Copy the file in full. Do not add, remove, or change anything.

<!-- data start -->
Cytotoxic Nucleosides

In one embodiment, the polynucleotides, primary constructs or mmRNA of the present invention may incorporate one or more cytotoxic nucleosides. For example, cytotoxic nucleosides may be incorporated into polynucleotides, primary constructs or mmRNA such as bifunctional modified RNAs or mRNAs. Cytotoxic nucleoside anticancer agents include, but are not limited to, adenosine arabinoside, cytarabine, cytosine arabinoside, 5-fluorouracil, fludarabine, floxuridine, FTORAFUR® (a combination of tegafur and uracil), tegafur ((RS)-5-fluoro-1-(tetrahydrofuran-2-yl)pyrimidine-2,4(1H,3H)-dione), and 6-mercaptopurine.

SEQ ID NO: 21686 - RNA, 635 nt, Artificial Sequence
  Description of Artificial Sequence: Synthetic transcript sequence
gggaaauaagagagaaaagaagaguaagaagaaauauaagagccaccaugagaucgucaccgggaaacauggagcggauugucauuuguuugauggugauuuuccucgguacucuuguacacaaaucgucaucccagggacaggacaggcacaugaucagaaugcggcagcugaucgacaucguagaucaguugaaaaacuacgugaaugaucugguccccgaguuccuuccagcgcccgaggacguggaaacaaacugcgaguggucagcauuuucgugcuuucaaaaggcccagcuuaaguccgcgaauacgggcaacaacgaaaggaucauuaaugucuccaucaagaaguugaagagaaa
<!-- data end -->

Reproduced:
Cytotoxic Nucleosides

In one embodiment, the polynucleotides, primary constructs or mmRNA of the present invention may incorporate one or more cytotoxic nucleosides. For example, cytotoxic nucleosides may be incorporated into polynucleotides, primary constructs or mmRNA such as bifunctional modified RNAs or mRNAs. Cytotoxic nucleoside anticancer agents include, but are not limited to, adenosine arabinoside, cytarabine, cytosine arabinoside, 5-fluorouracil, fludarabine, floxuridine, FTORAFUR® (a combination of tegafur and uracil), tegafur ((RS)-5-fluoro-1-(tetrahydrofuran-2-yl)pyrimidine-2,4(1H,3H)-dione), and 6-mercaptopurine.

SEQ ID NO: 21686 - RNA, 635 nt, Artificial Sequence
  Description of Artificial Sequence: Synthetic transcript sequence
gggaaauaagagagaaaagaagaguaagaagaaauauaagagccaccaugagaucgucaccgggaaacauggagcggauugucauuuguuugauggugauuuuccucgguacucuuguacacaaaucgucaucccagggacaggacaggcacaugaucagaaugcggcagcugaucgacaucguagaucaguugaaaaacuacgugaaugaucugguccccgaguuccuuccagcgcccgaggacguggaaacaaacugcgaguggucagcauuuucgugcuuucaaaaggcccagcuuaaguccgcgaauacgggcaacaacgaaaggaucauuaaugucuccaucaagaaguugaagagaaa